Veterans Affairs

TrueRAP: device standardizes breathing efforts during echocardiograms

Adds validity and reliability to heart ultrasound measurements of right atrium pressure for improved diagnosis of heart failure

Medical & Biotechnology

Image: Pixabay

Scientists at the U.S. Department of Veterans Affairs (VA) have recently developed a medical device which standardizes echocardiography estimates of right atrium pressure (RAP) leading to more accurate diagnosis of heart failure. The patented technology is available via patent license agreement to companies that would make, use, or sell it commercially.

An echocardiogram is an ultrasound of the internal parts of the heart. Recent reports suggest that over 7 million echocardiograms are performed on Medicare beneficiaries each year. Among these, standard transthoracic echocardiograms are the most common. Part of the reason for their popularity is that they provide a noninvasive estimate of RAP, which has important diagnostic and therapeutic implications related to heart failure.

RAP is estimated from an echocardiogram by observing how the diameter of the inferior vena cava changes with breathing. Unfortunately, this estimate often does not reflect a patient’s true RAP due to measurement error. A major source of this error is how patients breathe when ultrasound images are recorded.

Effortful breaths (high volumes of air over short periods of time) are achieved by forceful expansions of the lungs. This lowers the pressure in the chest, and as a physiologic consequence, airflow increases to the lungs. The lower pressure in the chest also lowers RAP directly, which increases the flow of blood back to the heart. A drop in RAP and an increase in blood flow back to the heart will tend to collapse the inferior vena cava. The degree of this collapse depends heavily on just how effortful the breaths are. When the effort of breathing is known, the amount of collapse of the inferior vena cava can be used to estimate the RAP. Thus, results vary along with individual breathing differences and in the different ways in which sonographers instruct patients to breathe.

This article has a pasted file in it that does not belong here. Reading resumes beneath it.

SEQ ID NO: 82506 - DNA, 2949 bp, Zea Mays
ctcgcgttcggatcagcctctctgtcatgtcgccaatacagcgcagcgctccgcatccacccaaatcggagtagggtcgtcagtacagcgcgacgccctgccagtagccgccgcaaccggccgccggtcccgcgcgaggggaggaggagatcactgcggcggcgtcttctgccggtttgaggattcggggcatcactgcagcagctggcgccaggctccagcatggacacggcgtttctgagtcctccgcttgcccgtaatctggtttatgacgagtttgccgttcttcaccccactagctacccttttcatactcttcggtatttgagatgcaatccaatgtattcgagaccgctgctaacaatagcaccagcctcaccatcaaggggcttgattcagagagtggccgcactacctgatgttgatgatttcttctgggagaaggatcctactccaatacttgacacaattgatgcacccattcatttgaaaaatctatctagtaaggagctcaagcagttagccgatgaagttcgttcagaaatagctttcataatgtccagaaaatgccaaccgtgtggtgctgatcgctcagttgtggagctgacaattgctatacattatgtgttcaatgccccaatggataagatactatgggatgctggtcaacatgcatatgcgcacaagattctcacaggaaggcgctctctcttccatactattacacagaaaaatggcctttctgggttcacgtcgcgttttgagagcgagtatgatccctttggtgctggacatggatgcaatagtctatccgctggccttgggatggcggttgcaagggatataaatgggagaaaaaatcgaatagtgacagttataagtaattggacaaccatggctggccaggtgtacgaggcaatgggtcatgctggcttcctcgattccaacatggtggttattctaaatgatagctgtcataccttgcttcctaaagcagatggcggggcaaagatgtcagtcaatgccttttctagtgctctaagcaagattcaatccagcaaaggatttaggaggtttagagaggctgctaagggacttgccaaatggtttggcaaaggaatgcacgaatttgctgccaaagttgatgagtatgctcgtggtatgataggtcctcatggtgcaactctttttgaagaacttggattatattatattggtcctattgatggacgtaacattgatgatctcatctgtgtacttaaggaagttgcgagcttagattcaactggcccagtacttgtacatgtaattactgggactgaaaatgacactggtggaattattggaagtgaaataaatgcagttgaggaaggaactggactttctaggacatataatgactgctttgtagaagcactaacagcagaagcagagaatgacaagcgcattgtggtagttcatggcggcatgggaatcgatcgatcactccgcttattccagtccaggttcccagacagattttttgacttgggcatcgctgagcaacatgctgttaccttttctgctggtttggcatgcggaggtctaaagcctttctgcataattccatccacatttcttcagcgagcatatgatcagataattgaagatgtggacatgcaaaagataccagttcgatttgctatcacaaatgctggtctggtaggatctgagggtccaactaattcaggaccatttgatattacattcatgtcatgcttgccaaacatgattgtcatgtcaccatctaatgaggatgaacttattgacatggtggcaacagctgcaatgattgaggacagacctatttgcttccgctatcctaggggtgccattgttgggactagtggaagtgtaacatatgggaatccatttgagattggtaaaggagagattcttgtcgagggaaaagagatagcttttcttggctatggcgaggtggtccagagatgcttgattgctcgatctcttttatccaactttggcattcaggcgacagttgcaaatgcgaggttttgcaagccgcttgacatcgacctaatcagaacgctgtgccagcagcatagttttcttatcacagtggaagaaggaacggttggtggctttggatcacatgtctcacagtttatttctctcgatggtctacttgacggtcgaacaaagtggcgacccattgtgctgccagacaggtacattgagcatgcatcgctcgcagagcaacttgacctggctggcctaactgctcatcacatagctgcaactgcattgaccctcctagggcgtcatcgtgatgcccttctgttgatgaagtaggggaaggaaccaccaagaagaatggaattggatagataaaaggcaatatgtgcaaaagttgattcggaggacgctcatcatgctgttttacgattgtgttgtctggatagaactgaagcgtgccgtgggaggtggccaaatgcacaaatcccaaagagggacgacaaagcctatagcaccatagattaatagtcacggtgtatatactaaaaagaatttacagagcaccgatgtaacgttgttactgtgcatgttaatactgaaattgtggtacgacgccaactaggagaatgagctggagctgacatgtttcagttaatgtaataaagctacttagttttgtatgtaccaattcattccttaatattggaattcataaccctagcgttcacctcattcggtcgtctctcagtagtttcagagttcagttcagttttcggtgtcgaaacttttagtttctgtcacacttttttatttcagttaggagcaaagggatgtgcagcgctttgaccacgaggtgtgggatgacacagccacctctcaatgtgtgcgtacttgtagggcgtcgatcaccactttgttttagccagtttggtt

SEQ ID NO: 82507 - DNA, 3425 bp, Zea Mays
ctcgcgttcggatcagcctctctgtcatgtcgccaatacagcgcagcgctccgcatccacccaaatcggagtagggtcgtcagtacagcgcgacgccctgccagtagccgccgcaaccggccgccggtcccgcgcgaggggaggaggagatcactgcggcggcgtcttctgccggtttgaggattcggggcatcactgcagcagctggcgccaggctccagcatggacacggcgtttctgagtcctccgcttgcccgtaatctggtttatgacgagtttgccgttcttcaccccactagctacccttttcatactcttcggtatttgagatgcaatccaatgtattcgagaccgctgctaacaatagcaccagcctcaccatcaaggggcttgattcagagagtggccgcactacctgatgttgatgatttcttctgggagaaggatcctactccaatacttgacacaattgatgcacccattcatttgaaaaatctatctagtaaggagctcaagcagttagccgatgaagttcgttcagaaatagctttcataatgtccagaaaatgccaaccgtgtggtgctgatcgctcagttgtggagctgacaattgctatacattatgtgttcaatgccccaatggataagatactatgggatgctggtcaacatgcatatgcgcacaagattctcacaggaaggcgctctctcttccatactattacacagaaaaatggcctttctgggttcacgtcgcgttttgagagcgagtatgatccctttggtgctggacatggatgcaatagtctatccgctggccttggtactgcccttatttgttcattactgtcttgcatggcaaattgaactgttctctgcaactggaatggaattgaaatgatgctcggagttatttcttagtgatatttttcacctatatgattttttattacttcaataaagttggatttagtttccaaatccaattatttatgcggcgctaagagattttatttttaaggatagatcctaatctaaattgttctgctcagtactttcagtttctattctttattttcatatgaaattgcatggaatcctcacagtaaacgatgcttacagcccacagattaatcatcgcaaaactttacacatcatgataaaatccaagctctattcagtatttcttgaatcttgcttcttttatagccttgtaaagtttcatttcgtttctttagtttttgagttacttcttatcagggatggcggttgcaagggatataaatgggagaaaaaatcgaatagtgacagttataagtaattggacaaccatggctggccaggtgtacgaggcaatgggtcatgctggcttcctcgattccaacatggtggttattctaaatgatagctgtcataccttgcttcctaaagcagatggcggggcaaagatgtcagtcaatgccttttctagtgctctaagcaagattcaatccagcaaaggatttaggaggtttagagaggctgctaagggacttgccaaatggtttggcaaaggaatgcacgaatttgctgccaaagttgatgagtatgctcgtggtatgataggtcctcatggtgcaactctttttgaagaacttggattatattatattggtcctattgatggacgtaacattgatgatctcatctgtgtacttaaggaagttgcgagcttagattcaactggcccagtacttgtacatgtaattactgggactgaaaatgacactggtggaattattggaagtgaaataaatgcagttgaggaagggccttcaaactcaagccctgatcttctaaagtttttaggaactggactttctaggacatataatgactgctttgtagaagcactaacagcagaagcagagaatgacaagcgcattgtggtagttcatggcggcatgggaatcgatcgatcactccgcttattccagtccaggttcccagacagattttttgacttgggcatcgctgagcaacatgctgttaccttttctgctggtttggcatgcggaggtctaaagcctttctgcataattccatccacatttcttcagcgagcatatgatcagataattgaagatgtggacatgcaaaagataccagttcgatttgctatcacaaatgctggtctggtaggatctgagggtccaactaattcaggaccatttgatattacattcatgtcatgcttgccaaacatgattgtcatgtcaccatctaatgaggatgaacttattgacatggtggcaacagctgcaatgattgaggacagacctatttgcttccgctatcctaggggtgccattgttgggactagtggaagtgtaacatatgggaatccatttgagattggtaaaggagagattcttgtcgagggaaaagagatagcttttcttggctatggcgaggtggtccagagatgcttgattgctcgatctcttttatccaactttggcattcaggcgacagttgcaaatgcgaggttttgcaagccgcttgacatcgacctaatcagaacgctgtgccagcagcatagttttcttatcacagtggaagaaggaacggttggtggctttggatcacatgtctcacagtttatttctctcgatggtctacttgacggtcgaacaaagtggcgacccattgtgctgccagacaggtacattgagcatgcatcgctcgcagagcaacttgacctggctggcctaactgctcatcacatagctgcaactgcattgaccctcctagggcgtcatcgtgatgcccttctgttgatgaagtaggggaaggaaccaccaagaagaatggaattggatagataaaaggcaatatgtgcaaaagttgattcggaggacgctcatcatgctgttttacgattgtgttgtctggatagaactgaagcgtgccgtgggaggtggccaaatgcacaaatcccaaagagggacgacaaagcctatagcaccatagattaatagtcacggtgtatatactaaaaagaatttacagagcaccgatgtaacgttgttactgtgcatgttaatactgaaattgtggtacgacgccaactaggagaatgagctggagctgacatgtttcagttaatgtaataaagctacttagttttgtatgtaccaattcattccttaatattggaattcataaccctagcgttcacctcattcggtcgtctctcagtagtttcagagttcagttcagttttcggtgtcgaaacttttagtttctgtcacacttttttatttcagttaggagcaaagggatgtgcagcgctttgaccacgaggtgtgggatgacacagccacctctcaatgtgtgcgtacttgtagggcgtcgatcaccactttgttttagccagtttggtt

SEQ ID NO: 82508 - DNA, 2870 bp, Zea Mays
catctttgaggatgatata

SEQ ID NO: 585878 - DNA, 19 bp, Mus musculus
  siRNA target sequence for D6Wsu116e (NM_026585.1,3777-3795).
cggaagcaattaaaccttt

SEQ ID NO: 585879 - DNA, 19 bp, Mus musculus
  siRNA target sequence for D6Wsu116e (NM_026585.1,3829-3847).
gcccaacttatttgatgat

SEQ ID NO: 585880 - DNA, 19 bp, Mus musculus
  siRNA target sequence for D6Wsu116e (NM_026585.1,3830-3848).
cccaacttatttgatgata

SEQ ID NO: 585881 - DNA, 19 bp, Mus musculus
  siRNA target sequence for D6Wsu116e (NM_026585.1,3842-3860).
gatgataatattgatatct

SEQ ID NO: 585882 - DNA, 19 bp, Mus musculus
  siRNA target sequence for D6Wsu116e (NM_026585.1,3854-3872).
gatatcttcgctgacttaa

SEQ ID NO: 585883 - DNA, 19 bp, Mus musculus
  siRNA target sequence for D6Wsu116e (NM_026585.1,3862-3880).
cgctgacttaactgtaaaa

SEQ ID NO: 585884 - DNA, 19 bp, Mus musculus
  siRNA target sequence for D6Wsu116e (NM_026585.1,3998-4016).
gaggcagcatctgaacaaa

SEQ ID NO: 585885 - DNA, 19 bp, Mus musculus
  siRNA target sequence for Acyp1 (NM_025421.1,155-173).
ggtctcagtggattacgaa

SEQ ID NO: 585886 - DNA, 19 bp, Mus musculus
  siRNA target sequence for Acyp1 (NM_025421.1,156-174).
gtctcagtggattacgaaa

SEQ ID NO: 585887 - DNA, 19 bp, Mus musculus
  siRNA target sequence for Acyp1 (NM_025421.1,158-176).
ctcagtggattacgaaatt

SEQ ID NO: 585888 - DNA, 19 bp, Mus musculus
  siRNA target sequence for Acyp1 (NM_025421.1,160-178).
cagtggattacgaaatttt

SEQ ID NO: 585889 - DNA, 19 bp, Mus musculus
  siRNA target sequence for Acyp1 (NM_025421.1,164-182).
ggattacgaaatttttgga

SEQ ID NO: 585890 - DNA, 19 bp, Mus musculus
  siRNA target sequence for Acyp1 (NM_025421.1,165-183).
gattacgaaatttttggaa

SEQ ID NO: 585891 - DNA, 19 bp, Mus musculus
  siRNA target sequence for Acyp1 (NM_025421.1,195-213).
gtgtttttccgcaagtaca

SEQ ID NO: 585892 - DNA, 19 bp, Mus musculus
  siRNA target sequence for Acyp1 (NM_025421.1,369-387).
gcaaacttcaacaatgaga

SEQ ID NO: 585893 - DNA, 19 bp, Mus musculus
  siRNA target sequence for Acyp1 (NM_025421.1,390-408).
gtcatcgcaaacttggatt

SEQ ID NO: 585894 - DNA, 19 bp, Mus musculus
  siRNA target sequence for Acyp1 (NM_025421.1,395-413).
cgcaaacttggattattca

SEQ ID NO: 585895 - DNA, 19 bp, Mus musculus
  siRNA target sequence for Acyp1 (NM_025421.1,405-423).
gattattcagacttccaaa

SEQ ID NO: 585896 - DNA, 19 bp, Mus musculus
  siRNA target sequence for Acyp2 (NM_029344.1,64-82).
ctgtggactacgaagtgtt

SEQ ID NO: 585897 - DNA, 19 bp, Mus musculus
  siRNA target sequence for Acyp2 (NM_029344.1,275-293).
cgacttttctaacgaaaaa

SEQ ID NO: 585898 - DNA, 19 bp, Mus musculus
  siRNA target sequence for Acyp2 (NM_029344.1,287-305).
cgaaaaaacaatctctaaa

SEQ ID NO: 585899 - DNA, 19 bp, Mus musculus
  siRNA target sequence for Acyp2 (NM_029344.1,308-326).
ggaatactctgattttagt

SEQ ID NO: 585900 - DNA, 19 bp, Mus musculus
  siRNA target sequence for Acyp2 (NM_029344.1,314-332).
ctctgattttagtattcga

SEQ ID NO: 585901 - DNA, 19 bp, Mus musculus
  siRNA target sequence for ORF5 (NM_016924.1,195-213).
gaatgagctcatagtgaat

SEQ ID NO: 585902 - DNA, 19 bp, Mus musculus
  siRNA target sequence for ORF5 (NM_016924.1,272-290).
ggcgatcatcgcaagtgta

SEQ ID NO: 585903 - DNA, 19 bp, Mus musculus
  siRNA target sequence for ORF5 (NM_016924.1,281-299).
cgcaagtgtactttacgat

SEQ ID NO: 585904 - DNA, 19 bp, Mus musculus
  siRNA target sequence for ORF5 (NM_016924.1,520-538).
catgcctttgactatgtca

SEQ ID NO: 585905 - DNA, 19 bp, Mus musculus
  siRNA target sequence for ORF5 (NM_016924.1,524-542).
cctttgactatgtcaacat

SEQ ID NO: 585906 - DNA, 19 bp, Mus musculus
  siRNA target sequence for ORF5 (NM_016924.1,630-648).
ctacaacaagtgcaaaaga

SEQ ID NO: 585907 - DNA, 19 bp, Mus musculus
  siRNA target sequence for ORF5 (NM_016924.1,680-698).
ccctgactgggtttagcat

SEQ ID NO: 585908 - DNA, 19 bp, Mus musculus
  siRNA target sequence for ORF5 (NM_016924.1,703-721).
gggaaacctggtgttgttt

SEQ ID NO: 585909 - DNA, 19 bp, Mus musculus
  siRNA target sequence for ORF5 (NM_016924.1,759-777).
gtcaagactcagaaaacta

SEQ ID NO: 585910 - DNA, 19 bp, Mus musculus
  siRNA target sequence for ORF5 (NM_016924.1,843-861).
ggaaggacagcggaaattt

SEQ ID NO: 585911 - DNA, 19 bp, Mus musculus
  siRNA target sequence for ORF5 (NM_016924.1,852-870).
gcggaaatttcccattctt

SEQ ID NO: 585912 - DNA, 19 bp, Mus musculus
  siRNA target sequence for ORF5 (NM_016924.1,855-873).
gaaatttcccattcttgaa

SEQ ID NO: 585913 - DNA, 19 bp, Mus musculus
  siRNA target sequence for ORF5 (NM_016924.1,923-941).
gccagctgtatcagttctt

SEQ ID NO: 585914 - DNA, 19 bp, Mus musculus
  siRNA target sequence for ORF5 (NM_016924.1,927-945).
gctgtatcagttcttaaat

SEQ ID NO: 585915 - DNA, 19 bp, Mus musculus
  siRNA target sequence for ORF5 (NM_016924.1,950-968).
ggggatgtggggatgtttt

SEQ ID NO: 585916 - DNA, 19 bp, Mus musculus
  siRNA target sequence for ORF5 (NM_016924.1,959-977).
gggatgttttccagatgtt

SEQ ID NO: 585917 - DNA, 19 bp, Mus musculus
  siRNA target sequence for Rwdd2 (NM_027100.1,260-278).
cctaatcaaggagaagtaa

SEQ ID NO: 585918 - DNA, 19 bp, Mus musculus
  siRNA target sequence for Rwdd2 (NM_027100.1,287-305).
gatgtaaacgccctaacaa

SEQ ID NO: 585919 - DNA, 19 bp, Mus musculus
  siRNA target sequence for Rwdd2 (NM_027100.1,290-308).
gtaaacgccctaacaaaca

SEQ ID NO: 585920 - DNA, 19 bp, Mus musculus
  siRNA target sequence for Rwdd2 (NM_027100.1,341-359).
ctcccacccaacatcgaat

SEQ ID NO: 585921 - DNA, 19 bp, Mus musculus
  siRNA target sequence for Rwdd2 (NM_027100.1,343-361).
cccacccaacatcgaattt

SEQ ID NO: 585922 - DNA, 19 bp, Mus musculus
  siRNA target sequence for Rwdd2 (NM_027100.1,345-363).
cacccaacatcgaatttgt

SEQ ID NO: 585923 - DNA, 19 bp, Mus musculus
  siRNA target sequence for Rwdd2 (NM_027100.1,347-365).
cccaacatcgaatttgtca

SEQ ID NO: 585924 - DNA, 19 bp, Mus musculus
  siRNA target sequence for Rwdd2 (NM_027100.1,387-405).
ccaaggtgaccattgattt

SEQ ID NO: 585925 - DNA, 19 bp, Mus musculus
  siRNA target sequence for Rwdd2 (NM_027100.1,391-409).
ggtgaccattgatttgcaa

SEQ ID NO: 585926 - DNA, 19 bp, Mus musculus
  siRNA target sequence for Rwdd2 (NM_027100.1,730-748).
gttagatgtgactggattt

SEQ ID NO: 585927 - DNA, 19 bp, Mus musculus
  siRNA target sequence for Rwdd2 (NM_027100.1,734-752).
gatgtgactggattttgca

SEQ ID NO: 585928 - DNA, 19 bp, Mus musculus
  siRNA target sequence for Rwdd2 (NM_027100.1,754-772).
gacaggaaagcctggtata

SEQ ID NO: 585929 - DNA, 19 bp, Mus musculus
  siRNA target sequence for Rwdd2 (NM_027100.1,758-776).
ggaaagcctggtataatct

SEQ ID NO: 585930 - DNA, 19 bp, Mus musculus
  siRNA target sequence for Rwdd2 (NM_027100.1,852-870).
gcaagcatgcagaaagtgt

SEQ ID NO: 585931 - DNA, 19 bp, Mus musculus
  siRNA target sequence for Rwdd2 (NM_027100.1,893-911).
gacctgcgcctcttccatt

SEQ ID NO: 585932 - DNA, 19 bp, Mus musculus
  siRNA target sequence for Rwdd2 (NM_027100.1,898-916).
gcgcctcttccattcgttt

Now, a VA researcher has developed a device which standardizes breathing efforts during echocardiogram estimates of RAP. While such impedance threshold devices (ITDs) have been around for over 30 years they have not included the ability to adjust the level of required respiratory level (impedance). The new device from the VA is adjustable so that the required threshold can be increased or decreased, depending on both the baseline breathing effort of the patient and the inspiratory effort needed to cause inferior vena cava collapse.

The device is handheld and disposable. In operation, it employs a series of valves that create a slight amount of resistance during inspiration. This resistance helps to ensure that patient breathing effort does not change moment to moment. It also enhances the negative pressure in the chest which as mentioned above, draws blood back to the heart and causes the inferior vena cava to collapse. Knowledge of breathing effort coupled with the echocardiogram showing the amount of vein collapse yields the diagnostic information.

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